Byon February 6, 2008 4:19 PM
Jeff Atwood posts today about how not considering DRM cost him $140, since Microsoft provided no reasonable way for him to transfer stuff he’d bought at his work’s XBox 360 to his new home XBox 360. By the end of the article, he chocks it up as a learning experience because he didn’t properly consider the DRM when he’d purchased that stuff originally on a shared system. I would argue, however, that his mistake was not buying the material at work without realizing he’d have to buy it again at home, but rather, buying the material at all.
Atwood points out a post by blogger PerfectCr regarding XBox Live and DRM, in which PerfectCr comments that “Microsoft has every right to protect their content.” There is some truth to that, Microsoft does need to take steps to prevent piracy, and of the DRM-schemes out there, XBox Live has some things going for it. The content can be downloaded and used on a temporary basis on any other XBox, as long as the Live account which purchased it is the one in use. Not a bad set-up, but apparently, it’s nearly impossible to get your XBox Live account transferred to a new XBox if your old one dies. The Nintendo Wii uses some DRM for the Virtual Console (though it sounds like it may not be that complex, actually), but Nintendo will at least facilitate the transfer of VC purchases from one Wii to another (if you ship into their support) better than Microsoft, at least based on PerfectCr’s post.
Now, I’m not completely innocent here. I’ve bought several games on the Wii’s Virtual Console. When I did that, I understood that the titles were tied to my Wii, and that I while I could back them up to an SD card, they wouldn’t work elsewhere. I guess this is part of what makes people so much more annoyed with XBox Live than the Wii, is that XBox Live, by allowing the temporary transfer of rights, sets up a false expectation that the transfer of this data shouldn’t be that difficult. I’ve always hated DRM, and have long stood behind folks like the Defective By Design Team. I work hard not to support DRM wherever I can. I only buy e-books from retailers who don’t use DRM, like Steve Jackson Games’ e23. I only buy digital music from companies like Magnatune, which are DRM-free, and come in FLAC.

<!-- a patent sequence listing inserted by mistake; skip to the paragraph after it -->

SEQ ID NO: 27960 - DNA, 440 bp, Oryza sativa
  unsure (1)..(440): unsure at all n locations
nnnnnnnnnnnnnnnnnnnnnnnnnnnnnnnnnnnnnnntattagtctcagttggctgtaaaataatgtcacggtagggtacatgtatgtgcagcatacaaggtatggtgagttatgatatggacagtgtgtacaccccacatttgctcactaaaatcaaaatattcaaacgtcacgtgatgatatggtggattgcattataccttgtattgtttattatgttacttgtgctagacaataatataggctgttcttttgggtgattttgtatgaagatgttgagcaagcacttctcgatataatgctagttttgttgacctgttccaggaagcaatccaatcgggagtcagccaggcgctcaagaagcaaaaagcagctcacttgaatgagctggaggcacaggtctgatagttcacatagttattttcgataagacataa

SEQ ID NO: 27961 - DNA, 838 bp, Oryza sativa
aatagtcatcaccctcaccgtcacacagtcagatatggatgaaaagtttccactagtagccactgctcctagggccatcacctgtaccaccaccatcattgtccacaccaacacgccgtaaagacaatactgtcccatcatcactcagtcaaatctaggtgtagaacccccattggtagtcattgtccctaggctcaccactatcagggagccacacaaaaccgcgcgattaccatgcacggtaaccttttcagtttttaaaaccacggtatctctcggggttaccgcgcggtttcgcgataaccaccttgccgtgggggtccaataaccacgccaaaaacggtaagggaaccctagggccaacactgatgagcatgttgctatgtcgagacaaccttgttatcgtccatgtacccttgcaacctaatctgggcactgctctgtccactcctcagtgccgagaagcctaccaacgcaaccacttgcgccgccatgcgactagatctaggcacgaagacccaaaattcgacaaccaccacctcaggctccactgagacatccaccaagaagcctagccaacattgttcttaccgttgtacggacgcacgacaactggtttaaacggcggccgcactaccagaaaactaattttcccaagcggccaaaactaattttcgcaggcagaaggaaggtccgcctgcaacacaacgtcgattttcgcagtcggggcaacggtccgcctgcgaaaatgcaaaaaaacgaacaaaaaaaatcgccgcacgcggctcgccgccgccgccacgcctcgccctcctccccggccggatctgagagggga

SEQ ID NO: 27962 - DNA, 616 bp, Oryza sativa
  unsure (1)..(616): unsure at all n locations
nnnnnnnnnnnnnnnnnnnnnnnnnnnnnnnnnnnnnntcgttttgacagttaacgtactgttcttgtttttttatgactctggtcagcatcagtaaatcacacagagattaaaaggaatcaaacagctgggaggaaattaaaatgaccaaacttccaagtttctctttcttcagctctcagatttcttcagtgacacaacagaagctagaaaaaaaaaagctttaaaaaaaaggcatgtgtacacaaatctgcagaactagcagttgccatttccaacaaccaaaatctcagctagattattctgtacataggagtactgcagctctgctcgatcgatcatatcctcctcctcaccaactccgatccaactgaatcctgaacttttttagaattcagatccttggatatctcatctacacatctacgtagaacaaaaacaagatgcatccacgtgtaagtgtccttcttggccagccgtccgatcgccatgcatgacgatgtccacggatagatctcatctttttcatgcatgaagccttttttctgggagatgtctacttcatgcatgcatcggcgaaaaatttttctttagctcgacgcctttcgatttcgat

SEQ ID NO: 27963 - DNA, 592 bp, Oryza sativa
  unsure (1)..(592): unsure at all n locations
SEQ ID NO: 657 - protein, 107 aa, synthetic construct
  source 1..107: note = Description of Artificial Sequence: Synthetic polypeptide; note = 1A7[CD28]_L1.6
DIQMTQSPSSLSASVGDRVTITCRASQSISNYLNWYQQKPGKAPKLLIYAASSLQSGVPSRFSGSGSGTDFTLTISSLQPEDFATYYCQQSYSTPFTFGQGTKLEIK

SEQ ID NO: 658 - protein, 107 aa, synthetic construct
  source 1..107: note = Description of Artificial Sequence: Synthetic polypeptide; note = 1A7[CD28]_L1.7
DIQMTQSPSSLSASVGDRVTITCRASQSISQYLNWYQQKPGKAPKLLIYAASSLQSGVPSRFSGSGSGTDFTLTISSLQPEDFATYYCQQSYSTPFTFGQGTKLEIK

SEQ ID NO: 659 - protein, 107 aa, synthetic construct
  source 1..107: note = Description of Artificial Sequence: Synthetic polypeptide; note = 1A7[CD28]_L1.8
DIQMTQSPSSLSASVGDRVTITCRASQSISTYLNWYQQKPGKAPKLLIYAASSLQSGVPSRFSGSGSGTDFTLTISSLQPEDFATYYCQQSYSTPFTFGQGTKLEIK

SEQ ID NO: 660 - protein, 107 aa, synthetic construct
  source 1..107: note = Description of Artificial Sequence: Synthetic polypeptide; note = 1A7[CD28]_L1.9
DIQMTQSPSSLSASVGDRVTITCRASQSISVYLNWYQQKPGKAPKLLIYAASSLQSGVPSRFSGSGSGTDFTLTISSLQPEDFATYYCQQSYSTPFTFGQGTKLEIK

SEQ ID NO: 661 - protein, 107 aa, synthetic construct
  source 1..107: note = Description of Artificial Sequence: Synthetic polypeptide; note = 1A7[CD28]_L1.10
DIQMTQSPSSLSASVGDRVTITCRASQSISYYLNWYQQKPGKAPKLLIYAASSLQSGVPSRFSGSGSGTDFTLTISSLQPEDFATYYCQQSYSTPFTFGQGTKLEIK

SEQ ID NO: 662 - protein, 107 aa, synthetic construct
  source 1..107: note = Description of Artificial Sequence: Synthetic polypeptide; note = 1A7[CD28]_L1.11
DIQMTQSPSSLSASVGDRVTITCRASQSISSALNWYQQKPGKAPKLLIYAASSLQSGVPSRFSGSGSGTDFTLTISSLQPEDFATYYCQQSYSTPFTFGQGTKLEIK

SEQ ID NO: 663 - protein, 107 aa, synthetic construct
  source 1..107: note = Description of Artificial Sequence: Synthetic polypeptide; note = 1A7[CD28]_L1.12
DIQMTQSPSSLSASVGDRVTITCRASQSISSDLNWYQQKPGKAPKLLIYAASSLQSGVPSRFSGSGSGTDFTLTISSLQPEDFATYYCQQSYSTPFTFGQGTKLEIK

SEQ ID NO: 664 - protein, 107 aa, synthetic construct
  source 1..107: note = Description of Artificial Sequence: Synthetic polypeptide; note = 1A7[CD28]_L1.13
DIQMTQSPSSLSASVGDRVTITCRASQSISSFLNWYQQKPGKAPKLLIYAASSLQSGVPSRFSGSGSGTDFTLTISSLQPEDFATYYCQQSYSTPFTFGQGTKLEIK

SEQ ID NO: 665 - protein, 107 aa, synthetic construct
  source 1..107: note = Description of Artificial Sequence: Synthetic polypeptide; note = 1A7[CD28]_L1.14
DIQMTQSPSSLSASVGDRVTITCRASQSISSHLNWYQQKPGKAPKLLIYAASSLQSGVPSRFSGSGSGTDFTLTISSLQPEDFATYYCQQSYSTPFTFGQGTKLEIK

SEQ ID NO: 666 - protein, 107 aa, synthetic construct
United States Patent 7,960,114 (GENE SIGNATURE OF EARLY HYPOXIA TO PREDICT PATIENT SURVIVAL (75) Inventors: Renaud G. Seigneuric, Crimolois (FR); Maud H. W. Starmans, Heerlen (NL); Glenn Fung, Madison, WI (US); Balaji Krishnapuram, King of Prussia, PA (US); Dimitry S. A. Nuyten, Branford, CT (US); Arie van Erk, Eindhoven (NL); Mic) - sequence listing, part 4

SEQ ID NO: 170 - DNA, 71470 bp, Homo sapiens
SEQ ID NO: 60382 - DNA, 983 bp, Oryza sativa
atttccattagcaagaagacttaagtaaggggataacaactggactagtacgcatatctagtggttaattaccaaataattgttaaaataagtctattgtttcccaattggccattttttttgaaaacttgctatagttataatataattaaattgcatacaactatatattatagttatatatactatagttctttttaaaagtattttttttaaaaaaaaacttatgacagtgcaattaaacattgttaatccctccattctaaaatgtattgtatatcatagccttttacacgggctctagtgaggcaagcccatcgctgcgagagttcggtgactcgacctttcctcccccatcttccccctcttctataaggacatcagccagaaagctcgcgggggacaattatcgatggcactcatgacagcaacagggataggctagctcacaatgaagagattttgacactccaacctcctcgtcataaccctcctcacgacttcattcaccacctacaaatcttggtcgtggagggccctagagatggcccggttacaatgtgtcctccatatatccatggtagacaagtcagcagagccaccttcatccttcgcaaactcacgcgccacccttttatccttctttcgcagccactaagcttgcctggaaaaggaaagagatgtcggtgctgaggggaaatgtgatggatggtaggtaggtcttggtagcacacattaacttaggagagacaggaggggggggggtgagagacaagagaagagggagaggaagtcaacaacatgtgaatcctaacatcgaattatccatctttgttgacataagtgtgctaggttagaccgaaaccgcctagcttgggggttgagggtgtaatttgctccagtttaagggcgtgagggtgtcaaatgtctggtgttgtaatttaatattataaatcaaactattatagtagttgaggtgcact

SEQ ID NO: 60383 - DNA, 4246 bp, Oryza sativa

DRM adds so little to digital media, but it takes so much away. The only reason that I tolerate DRM in the Virtual Console is because I am buying those games specifically to play on my Wii. I have no misconceptions about what they mean, and I’m more willing to put trust in Nintendo over this. It may not make sense, but there it is, and it’s the only place that I’m currently tolerating DRM today.
Atwood is clearly of the opinion that DRM is going to be an inevitable fact of life, and that we as consumers had better just get used to being limited in how and where we use our media. A lot of people seem to.
But it doesn’t have to be this way.
Already, the music industry is shifting slowly away from DRM. Amazon has a DRM-Free music store that has most of the major labels signed up (unfortunately it distributed MP3 only), and iTunes has been shifting the same way, reducing the cost of it’s DRM-Free music to the same as it’s DRM laden stuff. As we start moving toward the distribution of downloadable video (unless the bandwidth providers kill it, of course), I think we’ll start seeing DRM becoming less common in that arena as well. Okay, so digital-rentals will always require some form of DRM, but if I choose to buy a digital movie or TV show, there is no reason that should require debilitating technology.
The fact is that if Consumers stand up and refuse to be victimized by the media outlets, and refuse to be told what they can do, when, and how, with the media they’ve rightly purchased, then the media conglomerates would be forced to change their stance on the issue, and forced to stop treating all their customers like criminals, because a small percentage will be. The people who are really intent of pirating whatever it is you’re trying to protect, will find a way anyhow.